The Deputy Minister for Health and Social Services, Julie Morgan will tell Assembly Members today, however we define or try to justify smacking, it is still hitting a child - and we want that to stop.
The Children (Abolition of Defence of Reasonable Punishment) (Wales) Bill will reach another milestone on Tuesday when it will be debated in the Senedd for the first time since its introduction in March.
The purpose of the Bill is to help protect children’s rights; it builds on the Welsh Government’s commitment to children’s rights under the United Nations Convention on the Rights of the Child.
If passed by the National Assembly for Wales and it becomes law, parents and other adults acting in a parental capacity will no longer be able to physically punish children.
The debate is the final part of the stage one process, which has heard evidence from a variety of organisations and representatives including the police, local authorities, children’s services and health services who have all backed the bill.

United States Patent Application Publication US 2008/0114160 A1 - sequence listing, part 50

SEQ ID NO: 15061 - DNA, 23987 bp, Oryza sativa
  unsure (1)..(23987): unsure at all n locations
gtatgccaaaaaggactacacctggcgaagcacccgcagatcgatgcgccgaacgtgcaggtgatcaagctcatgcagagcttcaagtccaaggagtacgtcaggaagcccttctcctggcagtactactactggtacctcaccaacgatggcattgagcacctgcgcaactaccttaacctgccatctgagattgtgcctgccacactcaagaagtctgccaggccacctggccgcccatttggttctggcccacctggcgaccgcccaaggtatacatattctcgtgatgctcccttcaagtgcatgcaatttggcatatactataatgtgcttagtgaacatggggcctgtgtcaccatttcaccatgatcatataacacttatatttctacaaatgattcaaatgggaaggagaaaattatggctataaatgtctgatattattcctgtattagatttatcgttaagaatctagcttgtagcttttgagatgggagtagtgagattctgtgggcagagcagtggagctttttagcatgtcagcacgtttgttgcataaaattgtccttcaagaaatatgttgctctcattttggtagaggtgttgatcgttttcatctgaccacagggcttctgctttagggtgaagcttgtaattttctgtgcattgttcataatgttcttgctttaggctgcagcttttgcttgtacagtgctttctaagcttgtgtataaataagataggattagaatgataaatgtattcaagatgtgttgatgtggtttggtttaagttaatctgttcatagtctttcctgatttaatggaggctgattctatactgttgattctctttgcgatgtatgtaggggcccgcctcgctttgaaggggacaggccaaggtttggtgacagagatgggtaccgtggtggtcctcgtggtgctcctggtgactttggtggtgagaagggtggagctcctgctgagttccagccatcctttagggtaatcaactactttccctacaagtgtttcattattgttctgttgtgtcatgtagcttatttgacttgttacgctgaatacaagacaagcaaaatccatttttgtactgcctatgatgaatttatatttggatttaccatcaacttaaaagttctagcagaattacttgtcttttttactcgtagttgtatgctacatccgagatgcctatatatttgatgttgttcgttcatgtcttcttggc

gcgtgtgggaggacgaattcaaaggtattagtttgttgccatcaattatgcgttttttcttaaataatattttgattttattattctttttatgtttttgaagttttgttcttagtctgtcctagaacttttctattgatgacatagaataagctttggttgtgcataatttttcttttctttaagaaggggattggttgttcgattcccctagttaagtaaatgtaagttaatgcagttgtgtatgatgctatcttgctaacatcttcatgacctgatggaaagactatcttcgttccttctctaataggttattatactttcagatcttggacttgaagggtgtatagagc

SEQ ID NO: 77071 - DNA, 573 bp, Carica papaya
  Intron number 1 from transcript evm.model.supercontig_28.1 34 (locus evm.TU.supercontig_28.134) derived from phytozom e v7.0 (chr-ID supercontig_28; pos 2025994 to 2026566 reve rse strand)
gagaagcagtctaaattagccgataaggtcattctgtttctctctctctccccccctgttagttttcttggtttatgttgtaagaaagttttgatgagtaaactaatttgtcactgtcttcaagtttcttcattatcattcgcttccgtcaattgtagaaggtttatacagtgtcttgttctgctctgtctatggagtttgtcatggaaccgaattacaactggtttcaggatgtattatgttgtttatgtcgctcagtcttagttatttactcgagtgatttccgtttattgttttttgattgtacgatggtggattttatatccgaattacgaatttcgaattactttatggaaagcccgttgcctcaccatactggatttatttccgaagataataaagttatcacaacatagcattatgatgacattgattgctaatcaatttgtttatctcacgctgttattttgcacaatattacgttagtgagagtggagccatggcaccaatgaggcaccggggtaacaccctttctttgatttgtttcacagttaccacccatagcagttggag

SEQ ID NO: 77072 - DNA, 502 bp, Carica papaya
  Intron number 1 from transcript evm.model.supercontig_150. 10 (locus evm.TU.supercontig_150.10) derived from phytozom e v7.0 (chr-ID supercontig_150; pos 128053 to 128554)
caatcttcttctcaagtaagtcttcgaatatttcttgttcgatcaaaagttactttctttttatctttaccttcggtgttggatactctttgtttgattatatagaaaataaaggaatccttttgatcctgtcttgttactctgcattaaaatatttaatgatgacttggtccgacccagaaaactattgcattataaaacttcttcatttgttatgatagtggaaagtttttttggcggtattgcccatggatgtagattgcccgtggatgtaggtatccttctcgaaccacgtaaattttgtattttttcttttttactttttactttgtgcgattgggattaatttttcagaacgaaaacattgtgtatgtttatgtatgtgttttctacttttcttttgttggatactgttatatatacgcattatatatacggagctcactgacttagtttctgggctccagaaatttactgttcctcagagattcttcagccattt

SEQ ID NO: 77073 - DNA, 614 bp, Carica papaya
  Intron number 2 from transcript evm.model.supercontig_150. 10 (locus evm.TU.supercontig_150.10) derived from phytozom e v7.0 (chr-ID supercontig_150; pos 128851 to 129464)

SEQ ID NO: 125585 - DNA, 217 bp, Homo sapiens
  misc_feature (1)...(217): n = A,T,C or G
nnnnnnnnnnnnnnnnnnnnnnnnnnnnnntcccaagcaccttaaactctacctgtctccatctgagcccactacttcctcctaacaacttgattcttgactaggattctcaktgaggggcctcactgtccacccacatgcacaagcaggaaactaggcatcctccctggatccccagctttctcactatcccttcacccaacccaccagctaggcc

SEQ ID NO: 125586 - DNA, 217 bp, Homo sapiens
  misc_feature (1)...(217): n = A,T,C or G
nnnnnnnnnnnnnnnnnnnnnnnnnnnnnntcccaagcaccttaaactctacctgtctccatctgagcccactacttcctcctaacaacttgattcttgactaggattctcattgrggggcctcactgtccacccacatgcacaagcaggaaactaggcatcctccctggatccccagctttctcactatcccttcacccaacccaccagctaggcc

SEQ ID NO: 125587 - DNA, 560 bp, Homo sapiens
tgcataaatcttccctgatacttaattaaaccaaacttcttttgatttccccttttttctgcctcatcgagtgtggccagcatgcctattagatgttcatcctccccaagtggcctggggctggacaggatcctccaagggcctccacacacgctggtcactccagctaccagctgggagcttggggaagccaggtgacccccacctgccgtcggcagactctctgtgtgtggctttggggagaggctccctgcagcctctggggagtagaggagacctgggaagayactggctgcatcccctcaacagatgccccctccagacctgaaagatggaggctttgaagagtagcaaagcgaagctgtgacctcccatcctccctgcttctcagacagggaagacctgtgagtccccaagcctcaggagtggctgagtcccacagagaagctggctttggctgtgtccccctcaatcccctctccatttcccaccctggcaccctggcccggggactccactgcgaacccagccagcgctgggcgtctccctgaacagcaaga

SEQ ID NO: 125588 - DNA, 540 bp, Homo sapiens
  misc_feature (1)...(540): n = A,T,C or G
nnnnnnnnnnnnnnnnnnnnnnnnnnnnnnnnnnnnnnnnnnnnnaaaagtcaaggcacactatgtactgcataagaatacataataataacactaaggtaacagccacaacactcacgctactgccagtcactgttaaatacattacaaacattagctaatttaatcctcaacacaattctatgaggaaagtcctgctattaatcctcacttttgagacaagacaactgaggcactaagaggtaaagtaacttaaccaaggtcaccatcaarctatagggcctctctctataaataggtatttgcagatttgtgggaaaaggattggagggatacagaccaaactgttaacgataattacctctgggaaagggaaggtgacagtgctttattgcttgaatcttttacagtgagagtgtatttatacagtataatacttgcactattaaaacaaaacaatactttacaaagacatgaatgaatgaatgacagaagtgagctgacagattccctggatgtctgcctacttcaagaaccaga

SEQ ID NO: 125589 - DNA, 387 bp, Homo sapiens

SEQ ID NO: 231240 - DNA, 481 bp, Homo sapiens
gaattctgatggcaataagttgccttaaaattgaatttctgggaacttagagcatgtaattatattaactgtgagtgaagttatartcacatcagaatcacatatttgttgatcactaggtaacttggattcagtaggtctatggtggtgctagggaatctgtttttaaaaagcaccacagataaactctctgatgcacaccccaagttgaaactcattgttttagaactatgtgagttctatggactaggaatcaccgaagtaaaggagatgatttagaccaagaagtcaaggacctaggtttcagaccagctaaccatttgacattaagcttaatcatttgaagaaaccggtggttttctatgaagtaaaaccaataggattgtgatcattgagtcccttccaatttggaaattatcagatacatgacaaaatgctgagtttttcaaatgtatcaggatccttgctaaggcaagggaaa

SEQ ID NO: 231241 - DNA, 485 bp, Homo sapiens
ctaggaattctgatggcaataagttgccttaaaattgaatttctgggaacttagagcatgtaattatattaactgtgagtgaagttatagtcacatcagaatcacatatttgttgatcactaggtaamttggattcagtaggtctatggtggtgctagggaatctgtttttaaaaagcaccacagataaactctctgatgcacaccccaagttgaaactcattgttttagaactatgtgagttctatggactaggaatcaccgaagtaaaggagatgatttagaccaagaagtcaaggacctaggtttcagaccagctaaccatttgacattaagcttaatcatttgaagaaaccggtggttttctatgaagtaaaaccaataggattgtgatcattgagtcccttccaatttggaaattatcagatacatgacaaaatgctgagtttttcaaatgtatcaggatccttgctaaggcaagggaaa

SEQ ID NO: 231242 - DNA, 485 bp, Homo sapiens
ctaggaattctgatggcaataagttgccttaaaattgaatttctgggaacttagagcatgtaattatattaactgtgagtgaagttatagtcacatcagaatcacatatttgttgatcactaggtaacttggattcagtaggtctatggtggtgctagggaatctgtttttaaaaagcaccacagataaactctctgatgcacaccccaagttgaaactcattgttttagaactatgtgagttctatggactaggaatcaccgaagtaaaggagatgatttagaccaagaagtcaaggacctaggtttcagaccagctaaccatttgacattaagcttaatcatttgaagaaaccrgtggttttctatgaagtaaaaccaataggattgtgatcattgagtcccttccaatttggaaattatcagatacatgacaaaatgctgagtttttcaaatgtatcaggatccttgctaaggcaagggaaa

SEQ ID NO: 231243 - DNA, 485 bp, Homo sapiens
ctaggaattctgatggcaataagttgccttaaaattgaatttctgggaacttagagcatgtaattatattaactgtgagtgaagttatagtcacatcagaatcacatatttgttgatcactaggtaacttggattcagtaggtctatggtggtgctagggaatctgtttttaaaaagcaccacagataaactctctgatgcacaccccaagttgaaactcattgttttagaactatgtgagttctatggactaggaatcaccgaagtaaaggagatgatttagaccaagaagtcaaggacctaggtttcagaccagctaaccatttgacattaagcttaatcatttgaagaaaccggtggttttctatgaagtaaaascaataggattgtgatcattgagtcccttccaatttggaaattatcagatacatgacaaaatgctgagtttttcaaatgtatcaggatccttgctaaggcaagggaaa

It has also received support from a number of children’s charities including the NSPCC, Barnardo’s Cymru, Save the Children, Action for Children and Children in Wales. The Children’s Commissioner for Wales has also welcomed its introduction.
The Deputy Minister for Health and Social Services, said:
There is no reason to ever hit a child, something that has resonated with others when the Bill has been discussed.
As part of the discussion people have justified smacking because they were hit as a child. But what may have been deemed as appropriate in the past is no longer acceptable. Our children deserve to be treated with the same respect and dignity as adults. As a government we want to give children in Wales the same level of protection from physical punishment as adults.
Now is the time for Wales to join more than 55 other nations across the world who have taken steps to end the physical punishment of children. Now is the time to bring clarity for parents, professionals and children that physically punishing a child is not acceptable in Wales.